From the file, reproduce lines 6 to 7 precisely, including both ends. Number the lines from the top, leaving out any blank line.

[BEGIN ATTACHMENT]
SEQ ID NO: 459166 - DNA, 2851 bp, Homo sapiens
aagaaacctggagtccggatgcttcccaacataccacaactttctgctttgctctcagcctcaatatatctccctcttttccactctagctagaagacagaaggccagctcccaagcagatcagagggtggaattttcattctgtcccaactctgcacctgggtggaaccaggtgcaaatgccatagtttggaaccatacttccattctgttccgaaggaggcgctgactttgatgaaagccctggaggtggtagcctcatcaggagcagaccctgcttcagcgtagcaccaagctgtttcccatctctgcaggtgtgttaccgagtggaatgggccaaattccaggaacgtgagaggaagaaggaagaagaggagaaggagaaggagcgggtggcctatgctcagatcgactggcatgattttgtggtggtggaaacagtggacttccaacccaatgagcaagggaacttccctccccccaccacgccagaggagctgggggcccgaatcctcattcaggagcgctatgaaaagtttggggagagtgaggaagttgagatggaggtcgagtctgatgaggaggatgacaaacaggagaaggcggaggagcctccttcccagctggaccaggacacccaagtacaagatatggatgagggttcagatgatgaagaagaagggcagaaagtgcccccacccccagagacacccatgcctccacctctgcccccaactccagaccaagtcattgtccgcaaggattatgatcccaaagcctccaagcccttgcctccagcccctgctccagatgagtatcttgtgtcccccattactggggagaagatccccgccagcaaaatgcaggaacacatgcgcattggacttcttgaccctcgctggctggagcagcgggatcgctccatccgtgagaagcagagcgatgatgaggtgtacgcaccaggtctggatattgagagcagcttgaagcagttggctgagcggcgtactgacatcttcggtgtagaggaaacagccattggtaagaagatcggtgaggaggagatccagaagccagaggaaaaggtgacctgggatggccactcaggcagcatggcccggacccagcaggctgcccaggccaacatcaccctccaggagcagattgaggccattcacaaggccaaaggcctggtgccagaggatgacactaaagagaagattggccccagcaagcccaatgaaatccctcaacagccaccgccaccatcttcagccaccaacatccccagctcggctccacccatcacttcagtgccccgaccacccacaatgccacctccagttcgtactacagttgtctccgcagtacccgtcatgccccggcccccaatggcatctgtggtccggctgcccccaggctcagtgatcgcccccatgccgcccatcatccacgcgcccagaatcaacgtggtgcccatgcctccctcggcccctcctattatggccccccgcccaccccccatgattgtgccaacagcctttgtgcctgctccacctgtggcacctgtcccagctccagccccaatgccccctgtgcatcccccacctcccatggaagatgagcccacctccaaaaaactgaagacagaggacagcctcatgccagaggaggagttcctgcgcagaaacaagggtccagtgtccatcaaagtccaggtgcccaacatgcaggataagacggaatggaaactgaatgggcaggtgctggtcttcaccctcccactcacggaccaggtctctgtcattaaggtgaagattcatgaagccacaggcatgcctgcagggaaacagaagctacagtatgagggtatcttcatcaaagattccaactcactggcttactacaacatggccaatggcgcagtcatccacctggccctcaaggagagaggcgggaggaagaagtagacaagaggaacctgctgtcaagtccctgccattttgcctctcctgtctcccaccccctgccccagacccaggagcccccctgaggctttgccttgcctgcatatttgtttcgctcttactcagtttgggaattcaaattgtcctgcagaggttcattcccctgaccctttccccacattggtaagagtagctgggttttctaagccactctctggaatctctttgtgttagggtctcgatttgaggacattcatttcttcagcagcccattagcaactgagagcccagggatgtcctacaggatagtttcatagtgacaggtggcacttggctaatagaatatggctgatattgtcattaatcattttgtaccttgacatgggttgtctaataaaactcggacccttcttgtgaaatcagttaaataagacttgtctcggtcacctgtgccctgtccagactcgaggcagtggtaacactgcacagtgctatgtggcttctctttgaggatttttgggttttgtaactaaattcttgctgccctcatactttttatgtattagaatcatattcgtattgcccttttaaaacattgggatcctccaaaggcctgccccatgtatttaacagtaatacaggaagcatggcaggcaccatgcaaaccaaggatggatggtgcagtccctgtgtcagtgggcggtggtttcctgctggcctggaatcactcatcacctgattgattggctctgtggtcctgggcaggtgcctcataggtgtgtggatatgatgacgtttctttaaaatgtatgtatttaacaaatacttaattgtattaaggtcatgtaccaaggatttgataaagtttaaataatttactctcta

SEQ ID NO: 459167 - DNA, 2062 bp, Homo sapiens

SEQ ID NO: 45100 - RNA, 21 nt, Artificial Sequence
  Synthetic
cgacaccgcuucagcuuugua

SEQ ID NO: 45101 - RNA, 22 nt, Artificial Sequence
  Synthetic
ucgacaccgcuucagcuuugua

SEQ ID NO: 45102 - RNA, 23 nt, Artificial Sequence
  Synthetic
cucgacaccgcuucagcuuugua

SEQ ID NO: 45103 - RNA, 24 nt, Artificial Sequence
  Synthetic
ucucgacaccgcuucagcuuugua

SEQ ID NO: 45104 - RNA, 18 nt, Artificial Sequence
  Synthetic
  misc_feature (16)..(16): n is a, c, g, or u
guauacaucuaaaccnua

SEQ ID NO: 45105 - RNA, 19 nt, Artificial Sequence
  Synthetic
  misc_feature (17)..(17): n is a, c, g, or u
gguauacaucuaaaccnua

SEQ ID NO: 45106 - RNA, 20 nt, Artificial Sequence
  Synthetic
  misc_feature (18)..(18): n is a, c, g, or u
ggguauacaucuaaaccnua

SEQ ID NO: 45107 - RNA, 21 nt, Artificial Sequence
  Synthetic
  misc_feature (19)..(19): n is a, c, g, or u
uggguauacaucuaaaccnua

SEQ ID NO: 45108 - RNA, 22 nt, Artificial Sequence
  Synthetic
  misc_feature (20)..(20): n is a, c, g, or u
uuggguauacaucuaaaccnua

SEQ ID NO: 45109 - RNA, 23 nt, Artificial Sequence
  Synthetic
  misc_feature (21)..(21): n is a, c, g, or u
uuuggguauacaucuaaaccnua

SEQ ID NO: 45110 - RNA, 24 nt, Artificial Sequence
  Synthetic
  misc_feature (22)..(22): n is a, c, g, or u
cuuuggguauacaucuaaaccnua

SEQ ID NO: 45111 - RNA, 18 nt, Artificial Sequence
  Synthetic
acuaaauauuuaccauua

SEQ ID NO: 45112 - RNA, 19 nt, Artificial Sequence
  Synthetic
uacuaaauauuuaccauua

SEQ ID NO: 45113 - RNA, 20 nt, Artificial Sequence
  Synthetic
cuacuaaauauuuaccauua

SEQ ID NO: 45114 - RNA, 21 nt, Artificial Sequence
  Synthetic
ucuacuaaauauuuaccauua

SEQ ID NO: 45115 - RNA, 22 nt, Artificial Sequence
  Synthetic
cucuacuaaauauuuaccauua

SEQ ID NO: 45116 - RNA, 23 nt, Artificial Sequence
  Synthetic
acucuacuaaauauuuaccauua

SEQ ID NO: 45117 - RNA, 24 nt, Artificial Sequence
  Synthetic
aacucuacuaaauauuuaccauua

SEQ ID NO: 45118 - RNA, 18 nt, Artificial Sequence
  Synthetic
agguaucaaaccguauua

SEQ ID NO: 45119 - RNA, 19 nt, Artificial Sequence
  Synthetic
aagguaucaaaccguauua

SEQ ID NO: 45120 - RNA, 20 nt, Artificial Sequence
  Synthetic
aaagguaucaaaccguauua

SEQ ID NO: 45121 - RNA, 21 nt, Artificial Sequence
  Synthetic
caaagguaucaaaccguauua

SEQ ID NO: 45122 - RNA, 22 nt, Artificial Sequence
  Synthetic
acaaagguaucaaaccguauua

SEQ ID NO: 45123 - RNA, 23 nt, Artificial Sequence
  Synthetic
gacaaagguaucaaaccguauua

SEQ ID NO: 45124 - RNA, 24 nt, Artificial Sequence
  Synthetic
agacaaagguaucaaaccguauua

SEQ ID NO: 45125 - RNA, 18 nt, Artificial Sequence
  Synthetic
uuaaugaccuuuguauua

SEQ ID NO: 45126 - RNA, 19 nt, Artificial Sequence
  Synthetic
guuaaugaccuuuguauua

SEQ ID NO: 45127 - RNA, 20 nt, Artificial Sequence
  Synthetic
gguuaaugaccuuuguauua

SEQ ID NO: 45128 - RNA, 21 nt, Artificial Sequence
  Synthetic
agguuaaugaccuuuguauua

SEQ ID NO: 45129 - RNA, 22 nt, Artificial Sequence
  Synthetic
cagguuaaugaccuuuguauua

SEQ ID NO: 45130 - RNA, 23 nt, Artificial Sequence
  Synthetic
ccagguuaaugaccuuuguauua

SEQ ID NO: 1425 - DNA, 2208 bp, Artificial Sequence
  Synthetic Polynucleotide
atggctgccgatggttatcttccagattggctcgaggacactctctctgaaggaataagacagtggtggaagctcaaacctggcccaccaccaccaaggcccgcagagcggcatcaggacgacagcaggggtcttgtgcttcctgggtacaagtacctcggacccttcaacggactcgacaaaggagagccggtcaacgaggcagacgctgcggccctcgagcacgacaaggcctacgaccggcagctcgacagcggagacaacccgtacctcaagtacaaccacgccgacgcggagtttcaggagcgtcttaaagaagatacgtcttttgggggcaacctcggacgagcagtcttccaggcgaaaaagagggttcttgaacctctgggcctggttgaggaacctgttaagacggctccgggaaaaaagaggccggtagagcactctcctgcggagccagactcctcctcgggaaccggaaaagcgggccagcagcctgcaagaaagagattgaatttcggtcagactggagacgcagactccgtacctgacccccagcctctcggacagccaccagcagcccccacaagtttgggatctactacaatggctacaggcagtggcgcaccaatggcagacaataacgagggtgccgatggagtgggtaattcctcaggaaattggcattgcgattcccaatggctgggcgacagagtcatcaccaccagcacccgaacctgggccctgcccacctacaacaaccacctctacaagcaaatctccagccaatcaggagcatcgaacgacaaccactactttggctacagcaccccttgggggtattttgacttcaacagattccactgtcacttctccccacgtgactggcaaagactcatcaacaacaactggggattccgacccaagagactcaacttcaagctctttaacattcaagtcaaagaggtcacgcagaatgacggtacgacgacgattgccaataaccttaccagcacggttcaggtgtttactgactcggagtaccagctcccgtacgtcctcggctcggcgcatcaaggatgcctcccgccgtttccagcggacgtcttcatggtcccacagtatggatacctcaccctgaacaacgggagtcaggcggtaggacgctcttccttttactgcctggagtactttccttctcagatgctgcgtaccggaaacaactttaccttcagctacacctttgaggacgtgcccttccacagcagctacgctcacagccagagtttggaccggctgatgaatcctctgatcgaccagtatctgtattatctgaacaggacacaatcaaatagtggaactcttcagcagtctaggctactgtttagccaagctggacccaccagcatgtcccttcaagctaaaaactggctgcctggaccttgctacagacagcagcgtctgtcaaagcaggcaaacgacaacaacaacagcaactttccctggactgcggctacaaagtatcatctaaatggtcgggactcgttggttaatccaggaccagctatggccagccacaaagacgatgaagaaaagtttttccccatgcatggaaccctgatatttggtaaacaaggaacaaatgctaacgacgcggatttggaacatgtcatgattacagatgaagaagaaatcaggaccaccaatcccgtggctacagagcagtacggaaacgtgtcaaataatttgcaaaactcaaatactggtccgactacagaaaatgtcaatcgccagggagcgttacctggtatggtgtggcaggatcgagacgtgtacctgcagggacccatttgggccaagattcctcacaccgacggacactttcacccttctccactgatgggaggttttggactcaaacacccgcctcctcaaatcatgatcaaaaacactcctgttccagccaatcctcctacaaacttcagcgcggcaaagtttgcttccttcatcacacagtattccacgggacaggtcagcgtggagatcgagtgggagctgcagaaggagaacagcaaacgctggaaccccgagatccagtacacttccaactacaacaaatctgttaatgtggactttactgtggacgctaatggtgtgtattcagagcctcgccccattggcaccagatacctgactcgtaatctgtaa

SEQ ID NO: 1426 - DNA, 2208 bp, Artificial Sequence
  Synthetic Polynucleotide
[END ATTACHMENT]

cgacaccgcuucagcuuugua

SEQ ID NO: 45101 - RNA, 22 nt, Artificial Sequence